The Arctic has encountered the warming impacts of worldwide environmental change quicker than some other area on the planet. Researchers at the Scripps Institution of Oceanography have built up another hypothesis supported by PC recreations and perceptions that clarifies why this happens.
A group drove by Scripps scientist Emma Beer watched the progressions occurring in the Arctic Ocean, which is to a great extent secured via ocean ice for the greater part of the year. There, an abnormal circumstance exists where the water is warm at profundity and cold close to the surface. The more profound waters are taken care of by the moderately warm Pacific and Atlantic seas, though the close surface waters are in contact with ocean ice and stay near the point of solidification. Warmth streams upward from the hotter water to the colder water.
The researchers found that the more profound water is getting still hotter because of environmental change, however the close surface water underneath the ocean ice stays near the point of solidification. The expanding distinction in temperature prompts a more noteworthy upward progression of warmth. Brew, Scripps atmosphere researcher Ian Eisenman, and specialist Till Wagner of the University of North Carolina gauge that this wonder is answerable for about 20% of the enhancement of an unnatural weather change that happens in the Arctic.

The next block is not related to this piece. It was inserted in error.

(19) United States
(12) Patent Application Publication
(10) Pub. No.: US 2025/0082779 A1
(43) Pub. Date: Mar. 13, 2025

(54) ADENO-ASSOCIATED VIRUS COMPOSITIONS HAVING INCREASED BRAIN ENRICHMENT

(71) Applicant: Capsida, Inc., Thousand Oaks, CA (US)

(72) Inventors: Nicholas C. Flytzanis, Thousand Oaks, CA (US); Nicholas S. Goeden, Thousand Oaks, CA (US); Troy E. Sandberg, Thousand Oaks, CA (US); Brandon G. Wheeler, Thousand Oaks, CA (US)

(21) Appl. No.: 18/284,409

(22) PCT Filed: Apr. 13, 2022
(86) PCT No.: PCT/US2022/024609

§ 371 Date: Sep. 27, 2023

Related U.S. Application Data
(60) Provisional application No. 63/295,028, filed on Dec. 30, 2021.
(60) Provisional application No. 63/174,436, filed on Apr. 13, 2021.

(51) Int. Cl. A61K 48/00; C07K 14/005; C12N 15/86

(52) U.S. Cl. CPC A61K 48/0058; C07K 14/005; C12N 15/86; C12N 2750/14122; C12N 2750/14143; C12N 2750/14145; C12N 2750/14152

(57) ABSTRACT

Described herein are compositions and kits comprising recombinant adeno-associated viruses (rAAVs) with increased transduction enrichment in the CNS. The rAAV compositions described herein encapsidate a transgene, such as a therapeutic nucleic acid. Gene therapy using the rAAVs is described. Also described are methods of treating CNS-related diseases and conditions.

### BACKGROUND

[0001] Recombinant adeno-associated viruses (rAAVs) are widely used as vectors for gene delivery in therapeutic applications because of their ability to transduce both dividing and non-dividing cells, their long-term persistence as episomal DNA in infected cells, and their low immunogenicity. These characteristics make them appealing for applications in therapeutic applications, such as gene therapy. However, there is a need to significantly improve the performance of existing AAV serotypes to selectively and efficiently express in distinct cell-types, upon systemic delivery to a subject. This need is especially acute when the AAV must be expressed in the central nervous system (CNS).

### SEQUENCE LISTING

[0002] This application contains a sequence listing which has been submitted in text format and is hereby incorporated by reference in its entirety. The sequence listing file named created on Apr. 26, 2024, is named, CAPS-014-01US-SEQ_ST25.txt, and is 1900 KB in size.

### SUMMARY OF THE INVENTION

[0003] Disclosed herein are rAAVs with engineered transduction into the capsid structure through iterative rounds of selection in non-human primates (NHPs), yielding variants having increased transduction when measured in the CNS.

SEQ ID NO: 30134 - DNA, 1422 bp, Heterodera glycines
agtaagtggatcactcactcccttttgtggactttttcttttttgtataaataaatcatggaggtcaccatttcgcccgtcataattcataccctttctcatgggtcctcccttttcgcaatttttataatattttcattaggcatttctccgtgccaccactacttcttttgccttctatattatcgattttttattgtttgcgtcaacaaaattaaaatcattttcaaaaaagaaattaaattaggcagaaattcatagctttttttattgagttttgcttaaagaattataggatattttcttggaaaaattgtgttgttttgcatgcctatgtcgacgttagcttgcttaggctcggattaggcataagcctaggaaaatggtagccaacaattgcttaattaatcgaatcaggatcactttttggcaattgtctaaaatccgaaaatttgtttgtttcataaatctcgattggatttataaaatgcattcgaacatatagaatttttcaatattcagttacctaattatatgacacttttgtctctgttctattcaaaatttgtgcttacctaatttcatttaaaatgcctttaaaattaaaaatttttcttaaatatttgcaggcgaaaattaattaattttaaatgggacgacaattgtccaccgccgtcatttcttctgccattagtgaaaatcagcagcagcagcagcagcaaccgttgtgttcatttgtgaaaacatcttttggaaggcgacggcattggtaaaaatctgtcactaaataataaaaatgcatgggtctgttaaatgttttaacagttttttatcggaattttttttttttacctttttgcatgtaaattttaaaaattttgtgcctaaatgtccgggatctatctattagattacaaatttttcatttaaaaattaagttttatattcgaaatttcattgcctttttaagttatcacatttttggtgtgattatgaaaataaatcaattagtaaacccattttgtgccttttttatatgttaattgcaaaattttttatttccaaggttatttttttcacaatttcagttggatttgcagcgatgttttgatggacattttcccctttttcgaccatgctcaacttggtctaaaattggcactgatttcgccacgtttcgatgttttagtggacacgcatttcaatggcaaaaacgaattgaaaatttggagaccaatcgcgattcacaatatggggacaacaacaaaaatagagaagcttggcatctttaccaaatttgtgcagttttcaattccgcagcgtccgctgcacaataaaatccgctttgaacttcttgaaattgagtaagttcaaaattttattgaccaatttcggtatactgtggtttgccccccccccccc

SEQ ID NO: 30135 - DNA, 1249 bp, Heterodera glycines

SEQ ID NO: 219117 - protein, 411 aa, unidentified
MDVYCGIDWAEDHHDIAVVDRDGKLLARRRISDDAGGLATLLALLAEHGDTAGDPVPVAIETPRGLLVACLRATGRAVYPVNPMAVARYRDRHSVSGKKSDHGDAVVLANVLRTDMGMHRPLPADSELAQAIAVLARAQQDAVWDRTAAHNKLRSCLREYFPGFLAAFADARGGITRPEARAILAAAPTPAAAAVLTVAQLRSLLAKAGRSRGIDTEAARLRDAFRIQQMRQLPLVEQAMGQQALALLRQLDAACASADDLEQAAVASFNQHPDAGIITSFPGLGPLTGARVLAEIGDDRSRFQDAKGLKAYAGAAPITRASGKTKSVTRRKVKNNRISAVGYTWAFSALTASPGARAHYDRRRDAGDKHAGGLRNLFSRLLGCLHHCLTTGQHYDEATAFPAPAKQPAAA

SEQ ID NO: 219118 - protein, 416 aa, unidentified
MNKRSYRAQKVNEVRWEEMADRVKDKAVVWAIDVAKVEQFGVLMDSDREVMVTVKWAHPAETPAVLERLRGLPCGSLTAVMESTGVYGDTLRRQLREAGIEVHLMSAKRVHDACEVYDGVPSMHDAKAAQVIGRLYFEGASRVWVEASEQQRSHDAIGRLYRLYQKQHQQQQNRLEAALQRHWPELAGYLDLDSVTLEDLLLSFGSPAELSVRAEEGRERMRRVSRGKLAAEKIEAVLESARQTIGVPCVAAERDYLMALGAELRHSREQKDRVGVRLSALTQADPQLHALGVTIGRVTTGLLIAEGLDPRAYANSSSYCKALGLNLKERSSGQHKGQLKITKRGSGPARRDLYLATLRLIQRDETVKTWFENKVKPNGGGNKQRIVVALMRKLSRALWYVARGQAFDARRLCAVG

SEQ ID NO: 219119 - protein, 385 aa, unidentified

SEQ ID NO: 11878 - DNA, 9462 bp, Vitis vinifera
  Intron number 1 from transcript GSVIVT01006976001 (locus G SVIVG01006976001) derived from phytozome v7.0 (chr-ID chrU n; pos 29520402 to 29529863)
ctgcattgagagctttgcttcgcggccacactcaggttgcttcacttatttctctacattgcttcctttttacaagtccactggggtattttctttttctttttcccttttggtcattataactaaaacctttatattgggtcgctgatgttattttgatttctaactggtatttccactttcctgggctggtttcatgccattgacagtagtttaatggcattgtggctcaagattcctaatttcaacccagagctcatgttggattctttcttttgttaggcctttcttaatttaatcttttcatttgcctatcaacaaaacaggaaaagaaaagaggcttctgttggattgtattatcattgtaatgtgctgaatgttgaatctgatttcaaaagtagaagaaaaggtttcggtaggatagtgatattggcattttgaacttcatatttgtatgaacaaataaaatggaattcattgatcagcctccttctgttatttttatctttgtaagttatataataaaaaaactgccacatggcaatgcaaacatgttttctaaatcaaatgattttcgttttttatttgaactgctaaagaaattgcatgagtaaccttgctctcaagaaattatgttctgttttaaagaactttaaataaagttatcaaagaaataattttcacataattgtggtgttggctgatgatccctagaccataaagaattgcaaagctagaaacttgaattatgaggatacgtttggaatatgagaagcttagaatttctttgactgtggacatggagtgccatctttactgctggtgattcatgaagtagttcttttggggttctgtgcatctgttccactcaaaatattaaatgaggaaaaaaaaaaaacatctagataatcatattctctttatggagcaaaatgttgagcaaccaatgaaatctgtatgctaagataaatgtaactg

“While previous work has found mechanisms related to the surface and the atmosphere that cause Arctic amplification, our finding is that there is also a fundamental reason why the ocean causes polar amplification when the polar region is covered with sea ice,” Eisenman said of the National Science Foundation-upheld study.